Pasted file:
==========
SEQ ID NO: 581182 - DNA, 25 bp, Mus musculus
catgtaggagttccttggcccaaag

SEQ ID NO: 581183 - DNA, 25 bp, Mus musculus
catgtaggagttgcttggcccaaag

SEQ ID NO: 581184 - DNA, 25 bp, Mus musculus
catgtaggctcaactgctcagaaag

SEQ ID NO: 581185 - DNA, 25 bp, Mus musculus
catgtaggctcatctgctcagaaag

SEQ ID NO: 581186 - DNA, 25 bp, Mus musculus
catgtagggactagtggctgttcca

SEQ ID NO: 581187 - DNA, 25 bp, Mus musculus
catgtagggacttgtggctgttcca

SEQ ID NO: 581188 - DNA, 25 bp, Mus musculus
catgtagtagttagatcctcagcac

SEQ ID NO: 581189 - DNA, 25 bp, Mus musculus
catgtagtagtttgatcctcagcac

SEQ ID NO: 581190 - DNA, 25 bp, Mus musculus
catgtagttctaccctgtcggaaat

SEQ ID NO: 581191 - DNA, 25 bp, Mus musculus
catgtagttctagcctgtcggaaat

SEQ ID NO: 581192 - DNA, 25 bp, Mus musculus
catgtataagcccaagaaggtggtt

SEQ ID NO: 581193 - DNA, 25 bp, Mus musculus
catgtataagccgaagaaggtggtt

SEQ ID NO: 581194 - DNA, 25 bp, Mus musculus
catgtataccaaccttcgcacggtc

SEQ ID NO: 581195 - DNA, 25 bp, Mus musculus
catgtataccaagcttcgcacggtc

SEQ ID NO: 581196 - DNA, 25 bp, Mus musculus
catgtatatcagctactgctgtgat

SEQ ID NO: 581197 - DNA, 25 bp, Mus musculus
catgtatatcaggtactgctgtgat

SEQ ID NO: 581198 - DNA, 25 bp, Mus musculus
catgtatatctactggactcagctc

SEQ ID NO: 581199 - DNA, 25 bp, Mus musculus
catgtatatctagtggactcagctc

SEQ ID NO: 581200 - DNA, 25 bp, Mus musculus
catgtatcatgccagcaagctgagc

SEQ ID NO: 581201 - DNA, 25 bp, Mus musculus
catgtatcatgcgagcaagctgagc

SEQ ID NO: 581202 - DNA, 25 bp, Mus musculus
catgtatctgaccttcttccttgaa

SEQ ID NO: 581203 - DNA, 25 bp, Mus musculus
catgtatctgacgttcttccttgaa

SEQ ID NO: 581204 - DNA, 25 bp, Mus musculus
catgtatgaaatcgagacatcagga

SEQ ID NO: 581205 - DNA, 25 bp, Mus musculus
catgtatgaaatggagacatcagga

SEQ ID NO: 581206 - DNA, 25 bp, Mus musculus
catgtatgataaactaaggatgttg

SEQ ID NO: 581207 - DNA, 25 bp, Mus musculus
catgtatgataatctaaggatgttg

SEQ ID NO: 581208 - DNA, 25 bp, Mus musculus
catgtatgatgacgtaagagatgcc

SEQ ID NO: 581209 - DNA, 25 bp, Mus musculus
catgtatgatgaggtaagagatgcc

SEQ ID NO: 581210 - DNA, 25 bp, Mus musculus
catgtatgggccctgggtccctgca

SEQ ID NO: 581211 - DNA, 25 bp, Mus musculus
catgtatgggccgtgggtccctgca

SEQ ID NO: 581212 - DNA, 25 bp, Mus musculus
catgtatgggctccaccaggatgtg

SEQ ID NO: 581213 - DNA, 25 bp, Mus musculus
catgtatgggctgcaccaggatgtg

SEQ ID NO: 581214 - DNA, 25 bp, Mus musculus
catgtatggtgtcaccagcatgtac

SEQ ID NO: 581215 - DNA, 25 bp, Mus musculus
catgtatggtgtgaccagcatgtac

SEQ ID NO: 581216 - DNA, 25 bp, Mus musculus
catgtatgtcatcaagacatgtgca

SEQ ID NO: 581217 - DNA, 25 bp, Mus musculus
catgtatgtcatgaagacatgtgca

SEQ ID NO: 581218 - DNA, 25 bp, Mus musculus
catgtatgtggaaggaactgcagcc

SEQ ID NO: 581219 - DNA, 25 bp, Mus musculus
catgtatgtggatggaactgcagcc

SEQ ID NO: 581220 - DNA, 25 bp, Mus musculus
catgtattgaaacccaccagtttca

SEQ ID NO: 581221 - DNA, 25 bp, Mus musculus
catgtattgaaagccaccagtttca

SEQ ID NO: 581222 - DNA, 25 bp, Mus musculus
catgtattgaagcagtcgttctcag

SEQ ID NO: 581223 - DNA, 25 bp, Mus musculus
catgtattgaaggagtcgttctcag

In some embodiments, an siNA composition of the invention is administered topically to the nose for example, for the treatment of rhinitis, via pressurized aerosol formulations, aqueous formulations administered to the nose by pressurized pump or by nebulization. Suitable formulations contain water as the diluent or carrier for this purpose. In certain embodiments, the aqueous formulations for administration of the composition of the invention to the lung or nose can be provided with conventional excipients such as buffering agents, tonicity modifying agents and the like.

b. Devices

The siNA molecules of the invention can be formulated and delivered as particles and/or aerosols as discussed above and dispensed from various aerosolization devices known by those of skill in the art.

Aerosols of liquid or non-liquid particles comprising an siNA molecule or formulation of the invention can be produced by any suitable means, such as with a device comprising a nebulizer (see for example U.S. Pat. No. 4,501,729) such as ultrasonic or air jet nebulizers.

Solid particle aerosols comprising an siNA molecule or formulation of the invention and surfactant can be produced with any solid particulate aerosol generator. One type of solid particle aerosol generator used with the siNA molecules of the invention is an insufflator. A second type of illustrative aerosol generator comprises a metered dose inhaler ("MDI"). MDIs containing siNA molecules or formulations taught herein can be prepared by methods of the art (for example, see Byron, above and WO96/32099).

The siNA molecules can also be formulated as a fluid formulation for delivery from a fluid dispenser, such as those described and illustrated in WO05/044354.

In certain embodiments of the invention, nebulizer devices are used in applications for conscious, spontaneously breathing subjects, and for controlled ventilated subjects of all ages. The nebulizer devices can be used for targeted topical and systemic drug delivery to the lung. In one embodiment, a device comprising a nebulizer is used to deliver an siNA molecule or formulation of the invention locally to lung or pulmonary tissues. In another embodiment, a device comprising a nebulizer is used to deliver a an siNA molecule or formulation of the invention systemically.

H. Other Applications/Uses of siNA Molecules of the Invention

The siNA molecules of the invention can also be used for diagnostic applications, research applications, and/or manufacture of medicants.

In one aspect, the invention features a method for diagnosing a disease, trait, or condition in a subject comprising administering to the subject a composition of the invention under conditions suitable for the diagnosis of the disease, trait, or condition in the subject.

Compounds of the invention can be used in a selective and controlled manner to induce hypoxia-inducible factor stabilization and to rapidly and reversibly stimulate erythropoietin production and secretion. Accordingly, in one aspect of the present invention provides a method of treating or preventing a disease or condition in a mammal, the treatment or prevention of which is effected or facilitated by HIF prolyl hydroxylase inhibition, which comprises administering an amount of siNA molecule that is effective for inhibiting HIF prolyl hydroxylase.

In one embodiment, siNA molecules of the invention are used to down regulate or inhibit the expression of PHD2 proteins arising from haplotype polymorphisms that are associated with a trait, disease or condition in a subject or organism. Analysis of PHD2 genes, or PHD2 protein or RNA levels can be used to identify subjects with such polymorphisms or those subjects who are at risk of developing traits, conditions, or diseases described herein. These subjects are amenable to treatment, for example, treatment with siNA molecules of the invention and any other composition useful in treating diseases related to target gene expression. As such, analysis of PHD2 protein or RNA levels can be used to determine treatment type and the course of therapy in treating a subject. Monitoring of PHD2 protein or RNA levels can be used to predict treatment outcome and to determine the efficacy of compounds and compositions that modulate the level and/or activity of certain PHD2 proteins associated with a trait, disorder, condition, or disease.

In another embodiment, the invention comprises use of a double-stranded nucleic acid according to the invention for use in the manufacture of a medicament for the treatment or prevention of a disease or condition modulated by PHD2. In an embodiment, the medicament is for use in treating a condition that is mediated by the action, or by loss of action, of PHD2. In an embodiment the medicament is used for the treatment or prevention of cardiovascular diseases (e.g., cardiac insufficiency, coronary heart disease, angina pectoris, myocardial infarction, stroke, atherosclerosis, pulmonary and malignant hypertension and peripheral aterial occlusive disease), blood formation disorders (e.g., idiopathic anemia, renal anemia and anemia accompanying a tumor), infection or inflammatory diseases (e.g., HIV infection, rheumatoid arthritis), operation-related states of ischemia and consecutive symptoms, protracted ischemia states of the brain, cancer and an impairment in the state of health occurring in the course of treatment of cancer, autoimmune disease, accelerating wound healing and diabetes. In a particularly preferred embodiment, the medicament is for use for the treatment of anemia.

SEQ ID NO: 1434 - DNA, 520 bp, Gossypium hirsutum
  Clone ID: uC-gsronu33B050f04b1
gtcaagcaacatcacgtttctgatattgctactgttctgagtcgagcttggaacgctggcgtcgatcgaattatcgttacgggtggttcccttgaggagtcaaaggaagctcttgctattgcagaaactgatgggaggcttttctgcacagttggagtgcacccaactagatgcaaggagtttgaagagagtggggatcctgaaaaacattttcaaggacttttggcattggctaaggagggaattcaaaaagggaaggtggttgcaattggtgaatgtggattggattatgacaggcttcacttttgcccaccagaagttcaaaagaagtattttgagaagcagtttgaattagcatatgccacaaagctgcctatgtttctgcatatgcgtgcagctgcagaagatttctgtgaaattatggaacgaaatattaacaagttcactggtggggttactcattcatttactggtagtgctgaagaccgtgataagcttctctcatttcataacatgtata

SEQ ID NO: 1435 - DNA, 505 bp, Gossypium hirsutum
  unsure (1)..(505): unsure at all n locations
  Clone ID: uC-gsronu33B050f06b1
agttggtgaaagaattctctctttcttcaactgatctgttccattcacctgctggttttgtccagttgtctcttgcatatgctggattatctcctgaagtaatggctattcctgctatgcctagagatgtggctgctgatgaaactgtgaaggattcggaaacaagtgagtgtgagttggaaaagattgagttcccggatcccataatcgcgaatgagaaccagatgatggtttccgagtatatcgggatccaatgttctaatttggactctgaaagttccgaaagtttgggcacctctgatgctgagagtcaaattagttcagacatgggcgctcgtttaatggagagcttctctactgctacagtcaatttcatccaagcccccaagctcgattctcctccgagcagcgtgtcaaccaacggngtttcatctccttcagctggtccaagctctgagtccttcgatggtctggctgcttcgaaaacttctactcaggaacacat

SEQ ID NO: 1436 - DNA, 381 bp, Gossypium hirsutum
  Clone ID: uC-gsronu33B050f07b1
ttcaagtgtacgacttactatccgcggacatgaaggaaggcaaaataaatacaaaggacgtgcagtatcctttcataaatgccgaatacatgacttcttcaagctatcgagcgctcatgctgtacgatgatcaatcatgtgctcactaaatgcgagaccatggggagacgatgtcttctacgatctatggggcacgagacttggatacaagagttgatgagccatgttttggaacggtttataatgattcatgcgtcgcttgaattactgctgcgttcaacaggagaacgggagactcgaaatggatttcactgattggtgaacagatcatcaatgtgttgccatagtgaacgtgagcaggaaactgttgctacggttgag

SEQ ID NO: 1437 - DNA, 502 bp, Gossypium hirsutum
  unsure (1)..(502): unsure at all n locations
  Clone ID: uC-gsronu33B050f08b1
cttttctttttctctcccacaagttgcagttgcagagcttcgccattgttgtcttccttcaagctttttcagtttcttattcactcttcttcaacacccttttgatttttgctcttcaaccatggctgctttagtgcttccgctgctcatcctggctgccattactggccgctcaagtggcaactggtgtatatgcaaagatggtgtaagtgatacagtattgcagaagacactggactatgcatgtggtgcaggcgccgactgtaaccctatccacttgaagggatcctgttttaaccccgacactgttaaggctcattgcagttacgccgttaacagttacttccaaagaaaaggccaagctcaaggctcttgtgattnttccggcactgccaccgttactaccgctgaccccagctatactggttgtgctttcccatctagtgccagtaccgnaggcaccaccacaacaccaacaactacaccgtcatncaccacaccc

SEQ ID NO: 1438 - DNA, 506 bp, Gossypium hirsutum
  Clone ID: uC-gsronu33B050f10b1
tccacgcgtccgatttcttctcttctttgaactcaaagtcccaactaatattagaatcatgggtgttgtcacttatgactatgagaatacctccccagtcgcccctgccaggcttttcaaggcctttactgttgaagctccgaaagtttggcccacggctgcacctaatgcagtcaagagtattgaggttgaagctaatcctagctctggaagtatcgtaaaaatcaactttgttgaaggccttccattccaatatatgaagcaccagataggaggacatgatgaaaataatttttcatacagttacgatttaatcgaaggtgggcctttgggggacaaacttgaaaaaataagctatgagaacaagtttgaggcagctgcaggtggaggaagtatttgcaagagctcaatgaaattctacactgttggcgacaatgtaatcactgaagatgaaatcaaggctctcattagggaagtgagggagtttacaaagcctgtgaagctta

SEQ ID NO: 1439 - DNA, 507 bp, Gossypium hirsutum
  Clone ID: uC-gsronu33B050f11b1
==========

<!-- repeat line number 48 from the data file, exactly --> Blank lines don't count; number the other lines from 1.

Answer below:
catgtatgaaatggagacatcagga